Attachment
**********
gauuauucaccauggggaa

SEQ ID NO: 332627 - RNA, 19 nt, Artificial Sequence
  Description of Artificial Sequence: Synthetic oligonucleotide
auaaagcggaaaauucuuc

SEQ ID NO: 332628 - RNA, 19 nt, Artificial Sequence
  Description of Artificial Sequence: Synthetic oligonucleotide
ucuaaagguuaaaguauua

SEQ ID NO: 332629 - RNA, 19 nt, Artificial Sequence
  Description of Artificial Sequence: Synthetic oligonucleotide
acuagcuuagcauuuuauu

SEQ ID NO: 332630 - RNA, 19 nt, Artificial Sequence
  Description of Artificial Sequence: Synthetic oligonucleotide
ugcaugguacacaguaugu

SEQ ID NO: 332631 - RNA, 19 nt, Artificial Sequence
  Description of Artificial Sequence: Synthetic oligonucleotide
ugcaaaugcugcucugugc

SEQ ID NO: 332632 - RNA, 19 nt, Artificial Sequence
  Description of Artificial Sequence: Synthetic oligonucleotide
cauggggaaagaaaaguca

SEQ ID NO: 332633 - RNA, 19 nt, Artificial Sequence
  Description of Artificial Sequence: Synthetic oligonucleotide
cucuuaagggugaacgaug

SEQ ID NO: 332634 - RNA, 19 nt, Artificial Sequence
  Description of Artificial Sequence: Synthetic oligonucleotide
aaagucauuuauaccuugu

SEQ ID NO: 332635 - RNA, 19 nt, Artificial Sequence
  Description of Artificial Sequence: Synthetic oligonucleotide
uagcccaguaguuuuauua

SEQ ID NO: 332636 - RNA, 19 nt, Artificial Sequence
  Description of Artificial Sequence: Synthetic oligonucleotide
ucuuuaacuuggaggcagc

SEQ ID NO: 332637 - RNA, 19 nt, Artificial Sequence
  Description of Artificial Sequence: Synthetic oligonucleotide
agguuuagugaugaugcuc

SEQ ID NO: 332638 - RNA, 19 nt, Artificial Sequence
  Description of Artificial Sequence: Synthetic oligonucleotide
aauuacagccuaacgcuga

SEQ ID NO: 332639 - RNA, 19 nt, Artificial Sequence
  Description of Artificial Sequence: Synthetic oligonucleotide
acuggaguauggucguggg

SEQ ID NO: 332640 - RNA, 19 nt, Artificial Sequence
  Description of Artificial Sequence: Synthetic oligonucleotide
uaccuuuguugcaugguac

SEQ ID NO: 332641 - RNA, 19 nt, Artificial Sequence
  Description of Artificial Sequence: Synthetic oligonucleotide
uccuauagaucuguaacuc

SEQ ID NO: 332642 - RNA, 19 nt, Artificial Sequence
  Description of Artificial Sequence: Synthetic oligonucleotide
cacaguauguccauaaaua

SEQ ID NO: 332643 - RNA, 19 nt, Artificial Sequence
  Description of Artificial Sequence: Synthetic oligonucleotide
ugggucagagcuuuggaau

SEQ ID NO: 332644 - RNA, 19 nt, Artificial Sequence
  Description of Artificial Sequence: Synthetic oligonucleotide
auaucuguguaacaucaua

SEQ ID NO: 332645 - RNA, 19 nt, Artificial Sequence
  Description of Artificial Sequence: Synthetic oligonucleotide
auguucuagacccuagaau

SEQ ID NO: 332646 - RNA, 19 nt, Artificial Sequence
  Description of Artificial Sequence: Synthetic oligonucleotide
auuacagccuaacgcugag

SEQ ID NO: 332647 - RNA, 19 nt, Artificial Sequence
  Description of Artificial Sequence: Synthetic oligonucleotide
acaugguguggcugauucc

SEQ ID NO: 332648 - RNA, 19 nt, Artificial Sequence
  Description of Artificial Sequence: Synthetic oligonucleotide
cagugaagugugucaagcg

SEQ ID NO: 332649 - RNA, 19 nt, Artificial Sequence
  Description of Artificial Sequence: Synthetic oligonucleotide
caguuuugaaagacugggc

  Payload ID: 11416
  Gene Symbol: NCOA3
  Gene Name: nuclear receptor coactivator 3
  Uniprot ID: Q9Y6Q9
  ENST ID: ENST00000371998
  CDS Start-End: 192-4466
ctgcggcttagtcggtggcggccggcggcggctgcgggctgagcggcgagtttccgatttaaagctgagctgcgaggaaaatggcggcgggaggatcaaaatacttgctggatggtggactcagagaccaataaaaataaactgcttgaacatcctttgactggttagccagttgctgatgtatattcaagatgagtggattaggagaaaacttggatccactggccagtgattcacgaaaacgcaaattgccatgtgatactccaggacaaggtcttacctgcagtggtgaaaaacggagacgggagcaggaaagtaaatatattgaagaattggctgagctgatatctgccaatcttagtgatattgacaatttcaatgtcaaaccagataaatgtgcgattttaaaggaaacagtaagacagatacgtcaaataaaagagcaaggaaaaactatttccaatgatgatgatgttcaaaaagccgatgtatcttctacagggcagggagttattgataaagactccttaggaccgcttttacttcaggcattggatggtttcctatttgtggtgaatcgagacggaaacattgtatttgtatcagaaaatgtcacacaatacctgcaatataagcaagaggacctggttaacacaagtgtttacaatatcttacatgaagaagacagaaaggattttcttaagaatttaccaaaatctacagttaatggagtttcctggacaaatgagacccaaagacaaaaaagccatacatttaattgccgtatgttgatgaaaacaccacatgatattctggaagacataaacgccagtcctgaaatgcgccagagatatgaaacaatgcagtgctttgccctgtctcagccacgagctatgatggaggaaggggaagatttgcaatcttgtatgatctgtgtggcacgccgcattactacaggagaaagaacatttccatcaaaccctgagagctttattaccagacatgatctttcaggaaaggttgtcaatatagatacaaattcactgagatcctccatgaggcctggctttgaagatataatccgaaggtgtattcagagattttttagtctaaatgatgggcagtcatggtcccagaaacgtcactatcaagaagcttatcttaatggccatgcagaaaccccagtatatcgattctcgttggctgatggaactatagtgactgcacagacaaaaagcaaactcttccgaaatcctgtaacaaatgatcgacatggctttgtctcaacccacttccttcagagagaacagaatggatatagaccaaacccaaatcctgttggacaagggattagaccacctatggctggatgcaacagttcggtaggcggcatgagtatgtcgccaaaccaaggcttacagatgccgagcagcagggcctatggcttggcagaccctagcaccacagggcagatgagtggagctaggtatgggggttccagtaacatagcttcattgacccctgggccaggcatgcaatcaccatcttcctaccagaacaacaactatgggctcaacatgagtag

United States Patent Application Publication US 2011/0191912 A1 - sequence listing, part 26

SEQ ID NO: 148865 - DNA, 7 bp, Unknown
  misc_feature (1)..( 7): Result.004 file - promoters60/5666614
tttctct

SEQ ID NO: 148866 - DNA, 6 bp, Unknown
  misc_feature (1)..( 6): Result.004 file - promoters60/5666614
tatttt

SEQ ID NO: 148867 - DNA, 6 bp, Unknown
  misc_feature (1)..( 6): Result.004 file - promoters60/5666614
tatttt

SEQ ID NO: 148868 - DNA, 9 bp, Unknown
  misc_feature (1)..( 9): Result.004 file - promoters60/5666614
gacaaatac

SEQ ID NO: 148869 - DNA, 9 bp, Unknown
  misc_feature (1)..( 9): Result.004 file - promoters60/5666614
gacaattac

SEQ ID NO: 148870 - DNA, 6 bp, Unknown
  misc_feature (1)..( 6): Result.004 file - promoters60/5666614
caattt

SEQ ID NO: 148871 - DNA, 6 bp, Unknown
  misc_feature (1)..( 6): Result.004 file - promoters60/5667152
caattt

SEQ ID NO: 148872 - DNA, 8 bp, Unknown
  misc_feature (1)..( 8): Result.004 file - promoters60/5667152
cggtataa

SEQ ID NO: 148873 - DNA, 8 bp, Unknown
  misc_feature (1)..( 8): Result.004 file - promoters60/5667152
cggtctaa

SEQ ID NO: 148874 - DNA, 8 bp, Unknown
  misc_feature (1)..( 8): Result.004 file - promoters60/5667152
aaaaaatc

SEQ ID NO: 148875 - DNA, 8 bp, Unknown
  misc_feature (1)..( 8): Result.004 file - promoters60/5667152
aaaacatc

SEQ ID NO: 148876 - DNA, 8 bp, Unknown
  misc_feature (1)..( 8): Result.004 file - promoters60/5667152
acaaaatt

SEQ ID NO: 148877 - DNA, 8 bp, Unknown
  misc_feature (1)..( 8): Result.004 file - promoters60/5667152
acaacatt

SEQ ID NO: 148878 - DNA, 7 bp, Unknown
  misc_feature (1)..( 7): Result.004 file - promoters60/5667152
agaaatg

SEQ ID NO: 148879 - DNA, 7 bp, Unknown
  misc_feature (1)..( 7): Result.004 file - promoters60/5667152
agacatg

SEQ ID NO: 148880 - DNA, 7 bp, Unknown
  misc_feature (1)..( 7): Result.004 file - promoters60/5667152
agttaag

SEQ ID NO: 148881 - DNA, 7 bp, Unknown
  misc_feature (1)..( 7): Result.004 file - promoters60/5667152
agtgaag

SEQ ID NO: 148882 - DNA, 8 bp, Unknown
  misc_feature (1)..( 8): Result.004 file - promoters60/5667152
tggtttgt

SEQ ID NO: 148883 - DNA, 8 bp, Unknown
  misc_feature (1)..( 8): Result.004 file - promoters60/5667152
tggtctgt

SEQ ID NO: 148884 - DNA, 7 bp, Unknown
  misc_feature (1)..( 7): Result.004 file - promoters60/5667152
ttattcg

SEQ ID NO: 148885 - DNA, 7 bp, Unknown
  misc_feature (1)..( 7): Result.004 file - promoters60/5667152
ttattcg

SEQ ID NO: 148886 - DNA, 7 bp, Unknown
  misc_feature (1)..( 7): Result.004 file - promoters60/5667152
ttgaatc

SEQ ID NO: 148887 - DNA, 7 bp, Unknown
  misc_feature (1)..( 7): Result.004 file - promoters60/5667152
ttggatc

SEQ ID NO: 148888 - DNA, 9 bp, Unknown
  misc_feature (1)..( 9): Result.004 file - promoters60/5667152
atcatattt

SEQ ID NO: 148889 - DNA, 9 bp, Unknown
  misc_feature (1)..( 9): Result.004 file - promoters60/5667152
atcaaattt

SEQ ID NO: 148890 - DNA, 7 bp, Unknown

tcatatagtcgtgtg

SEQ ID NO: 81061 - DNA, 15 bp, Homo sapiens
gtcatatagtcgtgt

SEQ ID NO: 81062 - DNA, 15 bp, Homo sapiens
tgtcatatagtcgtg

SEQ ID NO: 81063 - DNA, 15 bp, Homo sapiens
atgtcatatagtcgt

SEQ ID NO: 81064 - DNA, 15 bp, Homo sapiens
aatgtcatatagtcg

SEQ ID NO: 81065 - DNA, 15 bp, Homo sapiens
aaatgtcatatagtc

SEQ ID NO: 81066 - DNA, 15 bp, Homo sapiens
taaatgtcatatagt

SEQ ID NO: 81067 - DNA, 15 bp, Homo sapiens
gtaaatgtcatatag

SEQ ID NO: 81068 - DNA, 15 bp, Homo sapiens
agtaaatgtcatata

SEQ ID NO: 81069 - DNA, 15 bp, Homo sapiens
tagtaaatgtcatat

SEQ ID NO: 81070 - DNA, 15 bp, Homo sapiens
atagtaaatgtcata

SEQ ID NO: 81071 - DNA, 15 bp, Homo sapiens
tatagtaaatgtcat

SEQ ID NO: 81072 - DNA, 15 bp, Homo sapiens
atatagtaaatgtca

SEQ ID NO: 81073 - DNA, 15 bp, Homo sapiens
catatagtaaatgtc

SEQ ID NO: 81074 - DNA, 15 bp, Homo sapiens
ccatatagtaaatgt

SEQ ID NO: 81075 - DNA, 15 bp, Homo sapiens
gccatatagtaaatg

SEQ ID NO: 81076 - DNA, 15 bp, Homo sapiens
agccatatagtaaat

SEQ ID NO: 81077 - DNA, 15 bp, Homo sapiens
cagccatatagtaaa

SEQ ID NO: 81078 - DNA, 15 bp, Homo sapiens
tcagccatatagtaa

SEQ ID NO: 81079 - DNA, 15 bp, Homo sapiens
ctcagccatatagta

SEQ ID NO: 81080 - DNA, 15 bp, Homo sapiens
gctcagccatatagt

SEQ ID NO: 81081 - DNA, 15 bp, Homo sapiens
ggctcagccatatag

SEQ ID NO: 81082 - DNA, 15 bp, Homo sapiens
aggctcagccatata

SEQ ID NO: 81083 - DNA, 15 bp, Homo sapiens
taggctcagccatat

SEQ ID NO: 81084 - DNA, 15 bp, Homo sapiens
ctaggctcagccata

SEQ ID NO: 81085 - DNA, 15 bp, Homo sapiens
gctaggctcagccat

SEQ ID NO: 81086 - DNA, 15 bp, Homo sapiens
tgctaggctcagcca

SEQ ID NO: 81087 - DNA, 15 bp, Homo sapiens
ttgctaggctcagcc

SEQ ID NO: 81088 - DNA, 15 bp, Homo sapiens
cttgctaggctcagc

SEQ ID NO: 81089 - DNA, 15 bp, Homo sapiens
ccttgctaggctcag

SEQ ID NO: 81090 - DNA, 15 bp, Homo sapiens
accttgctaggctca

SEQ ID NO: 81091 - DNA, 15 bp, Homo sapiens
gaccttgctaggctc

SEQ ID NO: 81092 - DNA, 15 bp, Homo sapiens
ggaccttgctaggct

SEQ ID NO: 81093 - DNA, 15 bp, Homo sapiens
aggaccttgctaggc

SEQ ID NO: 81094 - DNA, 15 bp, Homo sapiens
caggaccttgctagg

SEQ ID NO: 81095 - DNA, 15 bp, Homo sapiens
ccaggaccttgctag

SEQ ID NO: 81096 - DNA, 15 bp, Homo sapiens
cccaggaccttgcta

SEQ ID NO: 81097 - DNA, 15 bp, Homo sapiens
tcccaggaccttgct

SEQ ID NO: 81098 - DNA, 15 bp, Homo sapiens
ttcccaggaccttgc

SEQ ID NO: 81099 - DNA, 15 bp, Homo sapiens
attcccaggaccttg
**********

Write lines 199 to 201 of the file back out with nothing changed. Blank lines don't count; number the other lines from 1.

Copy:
aggctcagccatata

SEQ ID NO: 81083 - DNA, 15 bp, Homo sapiens
taggctcagccatat